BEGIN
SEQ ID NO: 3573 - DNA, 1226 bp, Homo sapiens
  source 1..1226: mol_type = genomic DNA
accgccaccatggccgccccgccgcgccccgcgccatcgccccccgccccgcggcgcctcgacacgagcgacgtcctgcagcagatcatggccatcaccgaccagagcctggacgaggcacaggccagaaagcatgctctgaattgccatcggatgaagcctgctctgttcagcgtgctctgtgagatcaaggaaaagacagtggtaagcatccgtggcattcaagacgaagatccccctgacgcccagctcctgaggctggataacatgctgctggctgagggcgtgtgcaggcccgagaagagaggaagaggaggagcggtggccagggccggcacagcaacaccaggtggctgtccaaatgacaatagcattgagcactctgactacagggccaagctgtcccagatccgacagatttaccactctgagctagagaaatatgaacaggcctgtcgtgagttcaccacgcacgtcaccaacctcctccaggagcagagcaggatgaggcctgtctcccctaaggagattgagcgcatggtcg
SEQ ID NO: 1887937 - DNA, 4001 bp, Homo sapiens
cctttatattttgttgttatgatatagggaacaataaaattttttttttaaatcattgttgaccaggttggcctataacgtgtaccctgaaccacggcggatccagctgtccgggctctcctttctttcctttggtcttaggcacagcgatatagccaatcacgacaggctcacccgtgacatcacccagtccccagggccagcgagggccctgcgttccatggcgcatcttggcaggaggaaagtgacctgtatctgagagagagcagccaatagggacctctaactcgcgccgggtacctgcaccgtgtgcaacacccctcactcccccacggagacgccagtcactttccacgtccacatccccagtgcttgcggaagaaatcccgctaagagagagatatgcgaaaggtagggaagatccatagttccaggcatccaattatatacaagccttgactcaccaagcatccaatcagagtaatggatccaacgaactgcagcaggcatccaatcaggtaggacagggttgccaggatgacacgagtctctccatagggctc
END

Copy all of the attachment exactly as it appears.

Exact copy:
SEQ ID NO: 3573 - DNA, 1226 bp, Homo sapiens
  source 1..1226: mol_type = genomic DNA
accgccaccatggccgccccgccgcgccccgcgccatcgccccccgccccgcggcgcctcgacacgagcgacgtcctgcagcagatcatggccatcaccgaccagagcctggacgaggcacaggccagaaagcatgctctgaattgccatcggatgaagcctgctctgttcagcgtgctctgtgagatcaaggaaaagacagtggtaagcatccgtggcattcaagacgaagatccccctgacgcccagctcctgaggctggataacatgctgctggctgagggcgtgtgcaggcccgagaagagaggaagaggaggagcggtggccagggccggcacagcaacaccaggtggctgtccaaatgacaatagcattgagcactctgactacagggccaagctgtcccagatccgacagatttaccactctgagctagagaaatatgaacaggcctgtcgtgagttcaccacgcacgtcaccaacctcctccaggagcagagcaggatgaggcctgtctcccctaaggagattgagcgcatggtcg
SEQ ID NO: 1887937 - DNA, 4001 bp, Homo sapiens
cctttatattttgttgttatgatatagggaacaataaaattttttttttaaatcattgttgaccaggttggcctataacgtgtaccctgaaccacggcggatccagctgtccgggctctcctttctttcctttggtcttaggcacagcgatatagccaatcacgacaggctcacccgtgacatcacccagtccccagggccagcgagggccctgcgttccatggcgcatcttggcaggaggaaagtgacctgtatctgagagagagcagccaatagggacctctaactcgcgccgggtacctgcaccgtgtgcaacacccctcactcccccacggagacgccagtcactttccacgtccacatccccagtgcttgcggaagaaatcccgctaagagagagatatgcgaaaggtagggaagatccatagttccaggcatccaattatatacaagccttgactcaccaagcatccaatcagagtaatggatccaacgaactgcagcaggcatccaatcaggtaggacagggttgccaggatgacacgagtctctccatagggctc